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Spooky Season

Today is Halloween and with that, of course, comes the annual spooky season blog. Halloween is an ancient tradition, dating back 2,000 years when the Celts occupied much of western Europe. November 1st marked their New Year as it fell at the end of the summer harvest and beginning of the long, cold, and miserable winter - i.e. the time of death. It was believed that on "hallow's eve", the boundary between the living and dead became blurred, causing ghosts to return to damage crops and take lives. To ward off these spirits, the Druids donned the skins of dead animals and built huge bonfires on which they sacrificed both crops and living creatures. These traditions still exist today, albeit in a much less dramatic fashion. Here in Botswana, November 1st couldn't have a more different association. This time of year marks the start of the rainy season and the enormous boom of new life that comes with it. In a country where desert dominates and rain ('pula') literally means gold, it is a time of immense celebration. However, in the spirit of the spooky season, this blog pays homage to the weirdest and most misunderstood elements of the Okavango. So, read on if you dare...

A baboon howls in the moonlight. NHFU/William Steele.


Unlike their butterfly-cousins, moths have earned themselves a tough reputation. This is a little unfair, considering that (most of them) just work the night-shift. They're the infamous devourers of clothes, the irritating insect that can't seem to get enough of you, and the drinkers of... fermented fruit, blood, and tears. Yes, you did read that right. Certain members of the Calyptra moths and, in particular, the males have given their fruit-piercing mouthparts a whole new lease of life: by penetrating the skin of their victims with a voracious vampire bite. While this all sounds very sinister, the reason is, of course, love. This delicious and nutritious sodium-rich drink provides an ideal 'marriage gift'. With antennae riddled with thousands of smell receptors, they can detect their lucky lady's pungent pheromones from over 11-km away and deliver their goodies just in time. So, next time you make a snap-judgment of a month, take a pause and just think, what would you do for love?


Why are moths so persecuted, when they just running the night-shift of their butterfly-cousins? NHFU/Hannah Gormley.


Other than the ocean (of which there isn't any in Botswana), the night sky has to be the most misunderstood thing on our planet. In our increasingly crowded world, the Okavango is one of the last places on Earth in which you can see an uninterrupted view of it. Much like the Celtic traditions described above, the night sky has bred rich oral folklore that has been passed down through countless generations within Botswana's many tribes. But of course, the night sky cannot emerge without a sunrise and sunset. According to Motswana mythology, the sun that lights our skies was once tricked by a lonely crocodile. He persuaded her to let him swallow her fiery beauty in the west and carry it across to the east, where she would rise again for a new day. Meanwhile, in San culture, the sun originated when the head of a lazy, selfish man, which once beamed like a bright light, was chopped off and thrown into the sky.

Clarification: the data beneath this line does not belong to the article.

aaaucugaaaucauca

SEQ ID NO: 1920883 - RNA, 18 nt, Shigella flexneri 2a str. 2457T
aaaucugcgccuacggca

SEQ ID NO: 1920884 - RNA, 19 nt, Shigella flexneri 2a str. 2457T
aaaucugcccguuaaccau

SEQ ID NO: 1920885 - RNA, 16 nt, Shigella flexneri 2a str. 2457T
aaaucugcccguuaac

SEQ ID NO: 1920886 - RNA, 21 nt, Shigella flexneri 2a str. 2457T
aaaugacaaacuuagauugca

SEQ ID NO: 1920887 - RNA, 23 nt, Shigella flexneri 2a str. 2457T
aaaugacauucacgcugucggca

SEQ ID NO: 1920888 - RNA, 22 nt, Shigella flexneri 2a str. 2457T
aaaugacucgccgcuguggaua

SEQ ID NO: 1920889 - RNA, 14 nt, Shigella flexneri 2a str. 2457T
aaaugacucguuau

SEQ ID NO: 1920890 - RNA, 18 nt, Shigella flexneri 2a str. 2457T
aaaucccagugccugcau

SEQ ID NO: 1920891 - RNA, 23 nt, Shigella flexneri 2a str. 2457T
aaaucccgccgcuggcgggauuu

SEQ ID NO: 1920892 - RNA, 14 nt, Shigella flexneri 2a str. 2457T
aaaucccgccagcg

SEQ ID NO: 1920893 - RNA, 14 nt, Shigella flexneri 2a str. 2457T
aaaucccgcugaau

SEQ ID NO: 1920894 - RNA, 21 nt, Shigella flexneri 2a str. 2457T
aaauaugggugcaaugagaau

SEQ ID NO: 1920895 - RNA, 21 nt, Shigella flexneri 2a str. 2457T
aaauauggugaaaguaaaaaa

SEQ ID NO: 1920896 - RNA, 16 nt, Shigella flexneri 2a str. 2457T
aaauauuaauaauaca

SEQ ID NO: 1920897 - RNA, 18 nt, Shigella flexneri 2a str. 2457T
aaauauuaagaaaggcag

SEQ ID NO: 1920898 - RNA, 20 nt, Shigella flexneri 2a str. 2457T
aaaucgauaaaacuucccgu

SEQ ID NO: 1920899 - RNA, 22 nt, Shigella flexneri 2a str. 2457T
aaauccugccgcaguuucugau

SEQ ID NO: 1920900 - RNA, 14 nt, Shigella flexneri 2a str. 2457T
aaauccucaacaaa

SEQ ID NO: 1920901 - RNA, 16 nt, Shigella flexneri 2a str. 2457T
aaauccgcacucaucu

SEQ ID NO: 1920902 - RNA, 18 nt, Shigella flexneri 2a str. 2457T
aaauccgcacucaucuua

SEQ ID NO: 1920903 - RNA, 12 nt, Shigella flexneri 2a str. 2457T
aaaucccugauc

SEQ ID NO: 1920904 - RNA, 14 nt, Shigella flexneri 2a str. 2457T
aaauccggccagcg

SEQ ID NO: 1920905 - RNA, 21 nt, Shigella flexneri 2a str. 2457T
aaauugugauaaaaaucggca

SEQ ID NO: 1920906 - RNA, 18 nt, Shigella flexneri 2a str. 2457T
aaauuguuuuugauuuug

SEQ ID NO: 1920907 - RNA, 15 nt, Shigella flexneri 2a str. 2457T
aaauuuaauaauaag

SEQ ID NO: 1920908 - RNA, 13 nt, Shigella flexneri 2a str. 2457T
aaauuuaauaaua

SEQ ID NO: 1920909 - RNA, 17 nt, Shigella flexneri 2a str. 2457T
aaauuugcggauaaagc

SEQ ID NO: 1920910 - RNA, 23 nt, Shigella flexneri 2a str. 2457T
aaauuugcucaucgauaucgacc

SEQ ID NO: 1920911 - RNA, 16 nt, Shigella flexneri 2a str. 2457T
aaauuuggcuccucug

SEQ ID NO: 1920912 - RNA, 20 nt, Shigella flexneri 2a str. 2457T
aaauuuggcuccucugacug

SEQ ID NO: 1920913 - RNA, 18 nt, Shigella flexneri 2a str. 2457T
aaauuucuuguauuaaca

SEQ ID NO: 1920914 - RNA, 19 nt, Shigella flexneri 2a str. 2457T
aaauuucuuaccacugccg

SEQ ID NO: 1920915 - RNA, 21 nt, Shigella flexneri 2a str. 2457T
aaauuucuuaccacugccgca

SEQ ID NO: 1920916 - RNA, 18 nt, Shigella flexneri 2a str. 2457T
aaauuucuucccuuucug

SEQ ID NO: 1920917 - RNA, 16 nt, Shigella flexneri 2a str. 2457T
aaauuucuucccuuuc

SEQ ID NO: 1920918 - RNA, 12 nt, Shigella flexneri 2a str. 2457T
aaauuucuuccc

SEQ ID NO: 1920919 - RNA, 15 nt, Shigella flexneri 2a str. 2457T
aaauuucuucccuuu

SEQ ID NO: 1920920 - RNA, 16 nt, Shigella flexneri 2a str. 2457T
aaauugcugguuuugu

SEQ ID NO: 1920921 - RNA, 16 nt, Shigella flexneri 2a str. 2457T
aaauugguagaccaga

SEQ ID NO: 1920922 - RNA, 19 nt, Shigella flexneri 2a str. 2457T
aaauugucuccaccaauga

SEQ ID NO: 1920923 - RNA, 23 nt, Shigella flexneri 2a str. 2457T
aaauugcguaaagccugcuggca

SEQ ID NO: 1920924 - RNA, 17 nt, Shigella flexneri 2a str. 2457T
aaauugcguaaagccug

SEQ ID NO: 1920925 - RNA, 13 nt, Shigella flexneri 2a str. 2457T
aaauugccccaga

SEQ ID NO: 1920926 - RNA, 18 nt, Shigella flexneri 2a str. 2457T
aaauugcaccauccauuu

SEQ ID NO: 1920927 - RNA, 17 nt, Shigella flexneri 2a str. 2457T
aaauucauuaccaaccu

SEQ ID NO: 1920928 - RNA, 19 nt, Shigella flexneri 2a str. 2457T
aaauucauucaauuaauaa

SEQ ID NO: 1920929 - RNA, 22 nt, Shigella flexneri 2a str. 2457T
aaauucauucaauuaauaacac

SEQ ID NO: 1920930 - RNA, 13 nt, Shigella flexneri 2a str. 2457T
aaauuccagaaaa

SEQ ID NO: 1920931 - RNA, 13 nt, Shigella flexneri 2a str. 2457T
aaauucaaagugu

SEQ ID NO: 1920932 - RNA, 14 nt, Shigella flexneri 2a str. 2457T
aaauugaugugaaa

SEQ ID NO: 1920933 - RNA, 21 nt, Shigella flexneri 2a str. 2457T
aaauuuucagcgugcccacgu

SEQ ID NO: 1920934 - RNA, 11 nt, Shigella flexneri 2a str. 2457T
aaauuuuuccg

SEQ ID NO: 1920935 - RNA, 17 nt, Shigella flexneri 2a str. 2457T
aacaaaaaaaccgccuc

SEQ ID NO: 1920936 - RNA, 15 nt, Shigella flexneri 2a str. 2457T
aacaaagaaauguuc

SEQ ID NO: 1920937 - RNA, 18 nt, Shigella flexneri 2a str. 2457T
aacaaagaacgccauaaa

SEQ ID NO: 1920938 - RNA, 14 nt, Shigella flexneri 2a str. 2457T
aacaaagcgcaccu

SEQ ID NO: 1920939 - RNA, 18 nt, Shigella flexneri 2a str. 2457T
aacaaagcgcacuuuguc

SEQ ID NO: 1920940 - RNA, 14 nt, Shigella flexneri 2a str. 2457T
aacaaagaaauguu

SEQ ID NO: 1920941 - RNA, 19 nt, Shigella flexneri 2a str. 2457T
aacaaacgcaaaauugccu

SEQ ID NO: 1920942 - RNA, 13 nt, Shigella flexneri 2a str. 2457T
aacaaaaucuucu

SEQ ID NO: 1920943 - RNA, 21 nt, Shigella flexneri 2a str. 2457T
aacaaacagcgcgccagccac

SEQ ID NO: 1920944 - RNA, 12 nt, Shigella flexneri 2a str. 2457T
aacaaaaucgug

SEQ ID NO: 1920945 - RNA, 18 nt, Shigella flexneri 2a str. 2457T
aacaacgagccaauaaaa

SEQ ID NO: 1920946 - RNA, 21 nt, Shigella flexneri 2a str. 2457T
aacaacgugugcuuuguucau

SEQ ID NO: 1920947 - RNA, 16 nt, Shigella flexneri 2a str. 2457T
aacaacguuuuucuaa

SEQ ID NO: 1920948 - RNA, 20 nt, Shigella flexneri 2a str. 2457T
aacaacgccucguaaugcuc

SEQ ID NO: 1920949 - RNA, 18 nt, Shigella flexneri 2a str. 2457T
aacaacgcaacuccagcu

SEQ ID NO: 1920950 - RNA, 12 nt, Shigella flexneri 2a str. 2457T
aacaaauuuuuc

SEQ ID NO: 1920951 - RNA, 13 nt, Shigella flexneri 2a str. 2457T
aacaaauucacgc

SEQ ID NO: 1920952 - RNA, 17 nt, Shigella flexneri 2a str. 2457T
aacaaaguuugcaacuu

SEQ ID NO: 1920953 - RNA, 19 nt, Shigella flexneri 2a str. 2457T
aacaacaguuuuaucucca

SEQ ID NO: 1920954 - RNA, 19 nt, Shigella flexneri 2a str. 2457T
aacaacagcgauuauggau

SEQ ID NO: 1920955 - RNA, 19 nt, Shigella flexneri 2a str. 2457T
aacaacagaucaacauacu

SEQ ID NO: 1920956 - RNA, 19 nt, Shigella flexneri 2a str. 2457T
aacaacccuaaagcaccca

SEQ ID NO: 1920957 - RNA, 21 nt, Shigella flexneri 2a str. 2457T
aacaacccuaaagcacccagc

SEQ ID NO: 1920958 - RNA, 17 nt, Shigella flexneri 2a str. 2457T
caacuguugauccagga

A super-moon sets behind a male lion. NHFU/Liz Johnston.


Another beautiful San legend is that of the Milky Way, which originated when a young girl, furious at her mother, threw the fire she was cooking with up into the air and, in doing so, left blazing coals scattered across the abyss. In a world that seems more broken than ever, it is quite humbling to remember that at night we all look up to (relatively) the same view. In Hambukushu, the Milky Way is known as 'Ngio Dhao' or the 'road of the skies', while it's the 'Roman Road', 'Road of Slaves, 'Road of Warriors', and 'Road to Santiago' to the Slovenes, Romanians, Hungarians, and Spaniards respectively. In cooler climates, like Iceland and Norway, it's the 'winter way' and in Sweden, it's the 'snowy street'. Others draw their inspiration from the path of an animal: it's the 'way of the birds' everywhere from Finland to Latvia, 'the Deer's leap' in Georgia, 'the fish jumping in the shadows' in Hawaii, and 'the way of the white elephant in Thai. While in Asia, its origins lie with water. It's the 'Silver River' in Chinese, Vietnamese and Korean; the 'River of Heaven' in Japanese, and the 'Ganges of the Upper Sky' across much of India.


What does the night sky mean to you? NHFU/William Steele.


For some, climate change is much scarier than Halloween and all of its combined spooky associations. It's very easy to feel overwhelmed when we think of what it will take to overcome it and to feel distant from the images we see of melting glaciers or victims of extraordinary environmental impacts that are alien to your own life. But let the milky way remind you of how connected we are as a planet and how it will take a global effort, at the level of every single individual, to overcome it. We don't need to dress up in animal skins or sacrifice our pets like the Druids, but every small step you take will make a huge impact, and make climate change seem just a little less scary.